It can be a sentence, a part of a sentence, or a word. When it happens, you see a whole play on stage. All that’s left is writing it down on paper…and rewriting it…and rewriting it. How can a play develop from something so simple? I don’t know.
In emailing Charley Nevaril, an accomplished actor in Florida, about a play for which he had been casted for, he ended the email with “When am I going to be John the Baptist playing opposite Salome?” And then it started for me. I hadn’t any ideas about writing for weeks, but then it happened with Charley’s comment. I started to visualize how I would present John and Salome in conflict in a 10 minute play. I reviewed Bible passages about John and how and why he found himself in King Herod’s prison. Having seen the Broadway production of SALOME by Oscar Wilde with Al Pacino in 1992, I read again Wilde’s play to see how he tackled the conflict and the outcome that became dependent upon Salome. The whole play unfolded before me on stage. Rushing to the computer, I put it on paper: THE PROPHET AND THE KING. And sent to Charley!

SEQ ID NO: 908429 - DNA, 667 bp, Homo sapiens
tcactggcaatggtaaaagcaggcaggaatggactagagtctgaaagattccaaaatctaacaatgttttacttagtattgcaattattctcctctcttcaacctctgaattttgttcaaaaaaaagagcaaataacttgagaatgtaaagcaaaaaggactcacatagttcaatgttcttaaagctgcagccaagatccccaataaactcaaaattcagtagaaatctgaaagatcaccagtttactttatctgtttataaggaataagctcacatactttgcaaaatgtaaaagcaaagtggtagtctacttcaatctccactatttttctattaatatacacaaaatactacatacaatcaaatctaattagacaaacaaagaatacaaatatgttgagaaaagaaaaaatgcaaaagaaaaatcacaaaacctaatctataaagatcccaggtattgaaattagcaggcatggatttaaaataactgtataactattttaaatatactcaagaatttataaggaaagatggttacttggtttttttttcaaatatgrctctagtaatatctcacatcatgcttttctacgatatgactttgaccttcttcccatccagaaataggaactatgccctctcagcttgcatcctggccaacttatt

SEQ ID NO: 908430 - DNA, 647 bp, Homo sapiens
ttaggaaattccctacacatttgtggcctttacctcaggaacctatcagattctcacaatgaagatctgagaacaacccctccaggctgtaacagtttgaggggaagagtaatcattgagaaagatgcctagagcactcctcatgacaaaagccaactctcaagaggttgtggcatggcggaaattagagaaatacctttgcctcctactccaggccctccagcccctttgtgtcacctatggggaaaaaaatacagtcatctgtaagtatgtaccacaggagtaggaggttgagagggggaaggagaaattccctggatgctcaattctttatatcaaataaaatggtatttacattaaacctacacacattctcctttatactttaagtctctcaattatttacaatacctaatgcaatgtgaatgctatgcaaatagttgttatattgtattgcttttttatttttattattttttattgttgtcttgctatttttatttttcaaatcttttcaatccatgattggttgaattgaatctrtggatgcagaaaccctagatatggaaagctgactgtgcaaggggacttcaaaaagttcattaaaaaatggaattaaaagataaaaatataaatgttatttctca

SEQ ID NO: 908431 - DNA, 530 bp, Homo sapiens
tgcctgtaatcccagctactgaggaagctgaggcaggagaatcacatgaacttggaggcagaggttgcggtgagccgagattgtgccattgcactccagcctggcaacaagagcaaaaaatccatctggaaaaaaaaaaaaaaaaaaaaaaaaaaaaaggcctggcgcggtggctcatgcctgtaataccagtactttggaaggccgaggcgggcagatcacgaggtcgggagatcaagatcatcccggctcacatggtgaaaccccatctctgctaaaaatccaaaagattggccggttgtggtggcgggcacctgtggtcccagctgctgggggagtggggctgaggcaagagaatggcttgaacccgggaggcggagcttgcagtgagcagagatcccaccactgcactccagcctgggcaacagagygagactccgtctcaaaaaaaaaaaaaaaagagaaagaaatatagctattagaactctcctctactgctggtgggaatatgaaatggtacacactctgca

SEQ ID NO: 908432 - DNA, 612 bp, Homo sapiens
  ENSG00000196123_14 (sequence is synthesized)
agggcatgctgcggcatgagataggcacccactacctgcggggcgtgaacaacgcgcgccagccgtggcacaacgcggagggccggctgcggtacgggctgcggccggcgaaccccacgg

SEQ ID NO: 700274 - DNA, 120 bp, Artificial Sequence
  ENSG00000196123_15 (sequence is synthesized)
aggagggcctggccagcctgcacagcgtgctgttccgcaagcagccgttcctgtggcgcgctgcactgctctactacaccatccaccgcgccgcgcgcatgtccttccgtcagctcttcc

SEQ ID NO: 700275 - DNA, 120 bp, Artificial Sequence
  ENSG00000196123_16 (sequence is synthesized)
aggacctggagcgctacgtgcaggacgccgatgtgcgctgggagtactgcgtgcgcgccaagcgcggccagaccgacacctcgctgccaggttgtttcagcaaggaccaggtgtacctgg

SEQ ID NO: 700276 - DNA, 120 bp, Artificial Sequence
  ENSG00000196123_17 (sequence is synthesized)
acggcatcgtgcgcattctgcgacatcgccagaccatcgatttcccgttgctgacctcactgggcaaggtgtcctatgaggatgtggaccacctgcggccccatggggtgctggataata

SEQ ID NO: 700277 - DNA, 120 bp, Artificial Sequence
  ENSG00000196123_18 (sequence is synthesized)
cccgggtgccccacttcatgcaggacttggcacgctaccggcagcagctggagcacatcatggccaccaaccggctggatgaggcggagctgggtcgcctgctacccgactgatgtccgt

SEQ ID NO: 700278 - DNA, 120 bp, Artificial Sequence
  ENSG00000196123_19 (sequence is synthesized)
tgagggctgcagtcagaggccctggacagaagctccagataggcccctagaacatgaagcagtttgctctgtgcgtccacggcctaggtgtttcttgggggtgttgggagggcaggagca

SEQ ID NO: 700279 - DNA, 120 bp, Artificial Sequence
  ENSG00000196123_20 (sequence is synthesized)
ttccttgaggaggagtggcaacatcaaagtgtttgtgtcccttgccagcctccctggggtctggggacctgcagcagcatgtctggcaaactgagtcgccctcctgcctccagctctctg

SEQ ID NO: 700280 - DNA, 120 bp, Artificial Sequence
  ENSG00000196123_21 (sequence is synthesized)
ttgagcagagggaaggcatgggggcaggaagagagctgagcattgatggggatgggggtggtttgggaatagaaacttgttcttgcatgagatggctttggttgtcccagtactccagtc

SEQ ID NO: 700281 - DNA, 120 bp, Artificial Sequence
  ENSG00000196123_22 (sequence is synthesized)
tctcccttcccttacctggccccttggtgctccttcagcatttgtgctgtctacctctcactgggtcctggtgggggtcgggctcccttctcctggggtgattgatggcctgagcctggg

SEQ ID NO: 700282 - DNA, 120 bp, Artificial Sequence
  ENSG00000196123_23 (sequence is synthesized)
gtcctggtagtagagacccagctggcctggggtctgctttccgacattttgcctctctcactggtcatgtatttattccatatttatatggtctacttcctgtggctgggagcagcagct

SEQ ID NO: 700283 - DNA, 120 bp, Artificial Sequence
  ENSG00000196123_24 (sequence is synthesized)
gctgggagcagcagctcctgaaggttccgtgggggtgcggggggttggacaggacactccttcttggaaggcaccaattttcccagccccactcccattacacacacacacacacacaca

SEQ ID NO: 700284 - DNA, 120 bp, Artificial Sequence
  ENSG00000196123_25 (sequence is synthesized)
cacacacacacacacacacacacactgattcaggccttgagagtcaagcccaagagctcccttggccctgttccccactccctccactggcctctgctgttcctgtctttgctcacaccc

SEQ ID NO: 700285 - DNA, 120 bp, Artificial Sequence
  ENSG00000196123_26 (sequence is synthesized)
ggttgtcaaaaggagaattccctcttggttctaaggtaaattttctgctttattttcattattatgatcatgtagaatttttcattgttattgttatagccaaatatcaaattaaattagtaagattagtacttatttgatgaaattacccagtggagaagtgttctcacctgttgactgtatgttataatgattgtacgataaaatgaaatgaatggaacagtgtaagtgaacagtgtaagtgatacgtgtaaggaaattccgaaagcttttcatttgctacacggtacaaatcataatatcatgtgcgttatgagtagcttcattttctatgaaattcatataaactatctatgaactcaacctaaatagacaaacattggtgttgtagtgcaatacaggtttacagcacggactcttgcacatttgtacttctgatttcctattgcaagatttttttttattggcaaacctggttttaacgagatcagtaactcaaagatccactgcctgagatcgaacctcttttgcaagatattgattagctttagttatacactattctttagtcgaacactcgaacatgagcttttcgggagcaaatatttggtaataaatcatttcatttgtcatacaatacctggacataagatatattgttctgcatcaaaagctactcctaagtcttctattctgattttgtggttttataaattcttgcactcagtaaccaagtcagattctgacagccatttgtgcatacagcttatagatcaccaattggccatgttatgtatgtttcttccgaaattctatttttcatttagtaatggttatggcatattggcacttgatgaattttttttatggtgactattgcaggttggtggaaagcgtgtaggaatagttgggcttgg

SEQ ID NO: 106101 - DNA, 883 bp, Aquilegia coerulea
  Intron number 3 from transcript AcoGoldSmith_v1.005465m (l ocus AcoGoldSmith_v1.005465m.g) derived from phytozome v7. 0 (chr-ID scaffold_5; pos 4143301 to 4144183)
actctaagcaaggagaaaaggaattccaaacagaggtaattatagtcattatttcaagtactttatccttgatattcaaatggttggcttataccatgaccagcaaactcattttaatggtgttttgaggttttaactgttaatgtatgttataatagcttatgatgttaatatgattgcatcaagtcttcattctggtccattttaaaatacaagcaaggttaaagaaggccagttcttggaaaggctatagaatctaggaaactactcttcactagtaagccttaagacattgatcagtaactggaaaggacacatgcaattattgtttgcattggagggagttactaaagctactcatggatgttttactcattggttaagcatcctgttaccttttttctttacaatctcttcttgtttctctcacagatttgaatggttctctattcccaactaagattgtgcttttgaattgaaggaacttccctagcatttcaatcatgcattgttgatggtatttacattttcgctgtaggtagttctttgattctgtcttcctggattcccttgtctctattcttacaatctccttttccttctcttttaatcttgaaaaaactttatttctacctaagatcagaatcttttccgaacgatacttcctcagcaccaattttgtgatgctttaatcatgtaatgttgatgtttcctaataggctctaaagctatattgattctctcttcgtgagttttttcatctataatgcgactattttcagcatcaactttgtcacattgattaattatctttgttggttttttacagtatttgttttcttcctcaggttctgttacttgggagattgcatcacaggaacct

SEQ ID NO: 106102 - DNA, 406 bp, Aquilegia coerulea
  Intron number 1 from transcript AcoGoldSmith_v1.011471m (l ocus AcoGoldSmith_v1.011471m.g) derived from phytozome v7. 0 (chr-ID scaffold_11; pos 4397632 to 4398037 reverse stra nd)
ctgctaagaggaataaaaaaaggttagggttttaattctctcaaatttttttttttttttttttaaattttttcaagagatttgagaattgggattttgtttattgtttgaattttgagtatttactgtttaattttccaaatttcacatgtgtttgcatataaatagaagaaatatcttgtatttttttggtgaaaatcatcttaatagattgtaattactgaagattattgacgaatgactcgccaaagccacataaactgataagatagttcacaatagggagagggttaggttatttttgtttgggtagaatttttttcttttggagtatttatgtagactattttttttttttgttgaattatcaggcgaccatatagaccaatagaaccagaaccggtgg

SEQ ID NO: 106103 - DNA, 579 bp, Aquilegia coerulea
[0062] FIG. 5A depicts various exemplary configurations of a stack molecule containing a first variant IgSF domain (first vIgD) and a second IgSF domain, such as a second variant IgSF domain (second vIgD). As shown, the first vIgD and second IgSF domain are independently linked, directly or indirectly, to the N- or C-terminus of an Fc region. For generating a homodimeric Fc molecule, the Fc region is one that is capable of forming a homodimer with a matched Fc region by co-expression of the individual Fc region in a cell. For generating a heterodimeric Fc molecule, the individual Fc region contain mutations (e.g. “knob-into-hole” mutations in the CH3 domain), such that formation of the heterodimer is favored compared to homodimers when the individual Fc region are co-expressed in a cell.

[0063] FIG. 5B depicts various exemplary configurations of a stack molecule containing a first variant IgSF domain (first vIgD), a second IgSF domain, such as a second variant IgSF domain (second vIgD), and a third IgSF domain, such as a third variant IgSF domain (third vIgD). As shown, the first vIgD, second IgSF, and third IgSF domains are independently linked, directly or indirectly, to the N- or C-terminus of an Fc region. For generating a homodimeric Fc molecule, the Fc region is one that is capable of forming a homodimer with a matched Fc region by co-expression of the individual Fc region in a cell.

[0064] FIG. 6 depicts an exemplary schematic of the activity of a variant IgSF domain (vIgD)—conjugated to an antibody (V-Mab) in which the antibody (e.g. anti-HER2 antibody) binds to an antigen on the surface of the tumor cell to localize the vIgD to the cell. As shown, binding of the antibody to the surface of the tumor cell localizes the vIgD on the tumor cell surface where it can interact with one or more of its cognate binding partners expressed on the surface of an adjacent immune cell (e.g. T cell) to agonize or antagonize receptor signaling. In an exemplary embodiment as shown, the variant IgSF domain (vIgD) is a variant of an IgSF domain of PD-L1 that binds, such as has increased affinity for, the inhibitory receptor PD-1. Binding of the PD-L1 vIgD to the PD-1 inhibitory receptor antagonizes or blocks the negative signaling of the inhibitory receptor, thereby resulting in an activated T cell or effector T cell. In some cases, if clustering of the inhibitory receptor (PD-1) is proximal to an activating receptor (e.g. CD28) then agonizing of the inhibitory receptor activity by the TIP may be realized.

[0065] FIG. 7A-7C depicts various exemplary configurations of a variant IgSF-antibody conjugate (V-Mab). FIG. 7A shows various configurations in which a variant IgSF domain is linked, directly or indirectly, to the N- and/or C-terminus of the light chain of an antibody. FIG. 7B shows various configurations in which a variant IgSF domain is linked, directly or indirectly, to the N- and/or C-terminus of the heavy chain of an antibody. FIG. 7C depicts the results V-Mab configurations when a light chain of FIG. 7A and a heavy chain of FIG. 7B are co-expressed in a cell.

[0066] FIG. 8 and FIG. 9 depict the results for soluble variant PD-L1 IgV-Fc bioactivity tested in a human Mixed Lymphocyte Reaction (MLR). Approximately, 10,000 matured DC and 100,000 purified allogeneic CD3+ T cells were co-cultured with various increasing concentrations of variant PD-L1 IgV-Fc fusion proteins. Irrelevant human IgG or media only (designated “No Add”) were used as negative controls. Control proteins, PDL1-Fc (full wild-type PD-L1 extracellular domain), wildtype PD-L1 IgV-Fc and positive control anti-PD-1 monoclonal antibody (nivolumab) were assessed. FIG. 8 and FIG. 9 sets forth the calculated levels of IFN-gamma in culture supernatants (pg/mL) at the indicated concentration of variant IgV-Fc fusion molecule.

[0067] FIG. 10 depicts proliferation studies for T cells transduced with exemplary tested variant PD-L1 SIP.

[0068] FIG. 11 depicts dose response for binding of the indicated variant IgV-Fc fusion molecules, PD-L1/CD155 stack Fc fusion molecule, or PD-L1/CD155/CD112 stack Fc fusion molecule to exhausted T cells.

It’s a mystery, a beautiful mystery. It doesn’t take much, but inspiration works! How? I’m thankful for it, however it works.